A recent Globe article high lighted the return of the canner, those intrepid folks who actually care enough about their food to do their own processing and preserving.
"The new breed of canner is driven by politics as much as practicality. A desire to eat locally and regain control over what goes into our food is fuelling a resurgence in farmers' markets and backyard kitchen gardens. Many see canning as a necessary step toward having year-round access to produce from their own region"
I admit that a portion of these people are simply foodies who wish to make their own distinct high quality food. Some of these folks are also recent converts to the local food movements like the 100 mile diet a useful and noble endeavour. Still others may be concerned about the health effects of eating genetically modified fruit and vegetables grown in China, sprayed with pesticides, adulterated with preservatives and sealed in a nice BPA lined can. Yummy!
What this article does not mention is that many of this new wave of canning enthusiasts are people preparing for the worst to happen. Peak oilers and their peak food brethren, those who fear a depression and unemployment and people who understand that a severe flu season could impair just in time food delivery systems all have sound reasons for taking food security into their own hands.
Now I understand this piece is from the food and wine section and I should not expect in depth journalism but would it be too much to ask that they at least throw the issue of food security a bone? Of course it's also quite possible that some of the people researched for the story simply lied about why they have started canning, these are people I call stealth doomers.
I know a number of these stealth doomers and if asked why? in a public environment will probably say "oh it's just a hobby", " I like to cook", "it tastes better". In reality they worry about the stigma that prepared or cautious people receive in our "live for the moment" society. The stories change drastically when you get them alone or in a small group of like minded people and you soon find out who has bags of rice under the bed, a solar oven or Berkeley water filter in the basement or even a gun in the attic, yet often their families and friends don't know about their preparations.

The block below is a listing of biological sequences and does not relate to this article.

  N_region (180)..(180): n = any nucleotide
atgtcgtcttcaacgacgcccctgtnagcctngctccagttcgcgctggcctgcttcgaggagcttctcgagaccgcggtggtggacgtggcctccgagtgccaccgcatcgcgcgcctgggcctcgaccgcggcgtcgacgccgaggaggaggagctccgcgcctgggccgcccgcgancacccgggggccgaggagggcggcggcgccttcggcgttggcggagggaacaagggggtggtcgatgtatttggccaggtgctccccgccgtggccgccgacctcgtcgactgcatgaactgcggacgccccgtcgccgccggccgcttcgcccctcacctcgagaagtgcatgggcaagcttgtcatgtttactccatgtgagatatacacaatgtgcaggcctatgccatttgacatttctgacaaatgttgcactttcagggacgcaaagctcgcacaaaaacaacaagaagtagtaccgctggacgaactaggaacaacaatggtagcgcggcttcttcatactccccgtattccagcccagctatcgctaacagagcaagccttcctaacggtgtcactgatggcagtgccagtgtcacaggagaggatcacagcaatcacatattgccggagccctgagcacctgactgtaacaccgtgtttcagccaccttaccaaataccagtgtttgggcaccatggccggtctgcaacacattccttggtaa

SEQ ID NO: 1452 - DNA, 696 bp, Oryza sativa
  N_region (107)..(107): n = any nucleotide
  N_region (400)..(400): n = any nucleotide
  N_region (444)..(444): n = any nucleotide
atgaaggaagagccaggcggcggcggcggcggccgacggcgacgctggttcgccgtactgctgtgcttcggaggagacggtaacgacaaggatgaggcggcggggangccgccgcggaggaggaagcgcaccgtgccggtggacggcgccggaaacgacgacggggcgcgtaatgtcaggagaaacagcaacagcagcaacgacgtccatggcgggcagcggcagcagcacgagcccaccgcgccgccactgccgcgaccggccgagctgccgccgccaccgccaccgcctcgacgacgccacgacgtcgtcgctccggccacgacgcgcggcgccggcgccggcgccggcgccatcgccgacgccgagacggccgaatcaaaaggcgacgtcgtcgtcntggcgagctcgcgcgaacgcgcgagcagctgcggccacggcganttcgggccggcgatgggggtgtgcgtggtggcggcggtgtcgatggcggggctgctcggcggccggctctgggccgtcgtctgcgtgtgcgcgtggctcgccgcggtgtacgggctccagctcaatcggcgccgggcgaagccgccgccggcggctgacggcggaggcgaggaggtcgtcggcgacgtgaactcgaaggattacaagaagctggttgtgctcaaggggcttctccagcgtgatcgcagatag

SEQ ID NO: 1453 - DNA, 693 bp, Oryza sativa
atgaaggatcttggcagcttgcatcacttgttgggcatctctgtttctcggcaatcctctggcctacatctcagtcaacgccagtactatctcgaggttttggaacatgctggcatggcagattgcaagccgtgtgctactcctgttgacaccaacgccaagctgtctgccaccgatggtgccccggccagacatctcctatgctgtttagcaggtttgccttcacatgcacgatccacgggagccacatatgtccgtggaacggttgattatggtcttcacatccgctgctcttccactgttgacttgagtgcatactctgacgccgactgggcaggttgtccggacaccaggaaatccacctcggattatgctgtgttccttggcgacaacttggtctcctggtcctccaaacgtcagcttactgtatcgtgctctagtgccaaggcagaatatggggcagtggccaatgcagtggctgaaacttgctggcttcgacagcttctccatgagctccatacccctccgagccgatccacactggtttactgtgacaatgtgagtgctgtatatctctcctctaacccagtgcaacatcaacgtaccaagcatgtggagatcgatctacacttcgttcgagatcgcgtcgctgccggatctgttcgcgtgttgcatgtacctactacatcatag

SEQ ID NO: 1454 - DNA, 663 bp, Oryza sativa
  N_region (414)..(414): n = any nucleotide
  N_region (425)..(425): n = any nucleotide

I remember a post from one lady saying she was afraid of having a guest stay over in her 2 bedroom apartment because if they oppened the guest closet they would find it filled with survival supplies. I'm not sure if it was fear of being mocked or fear of being robbed during an emergency.
Stealth doomers or not it's great news that people are canning again even if they are just making chutney. Just a year or two ago Bernardin Canada had proposed killing the Mason Jar line because canning was dying off and it was losing money for the company. Had this new wave of enthusiasts not arisen the jars would have been discontinued for sure and eventually the lids and seals may have ceased production.
Besides, chutney, salsa, relishes etc. are all good small batch preserves on which to hone your skills and when peak oil does begin to limit our variety of foods people will find that tasty condiments go a long way in limiting food monotony.
In our house gardening, gleaning, freezing, canning and seed saving have all been part of this years food security effort and I tell everybody exactly why I'm doing it. Doomers should open up more and encourage others to do the same, that way there will be less people at your door begging for chutney should/when the hard times come.Recommend this Post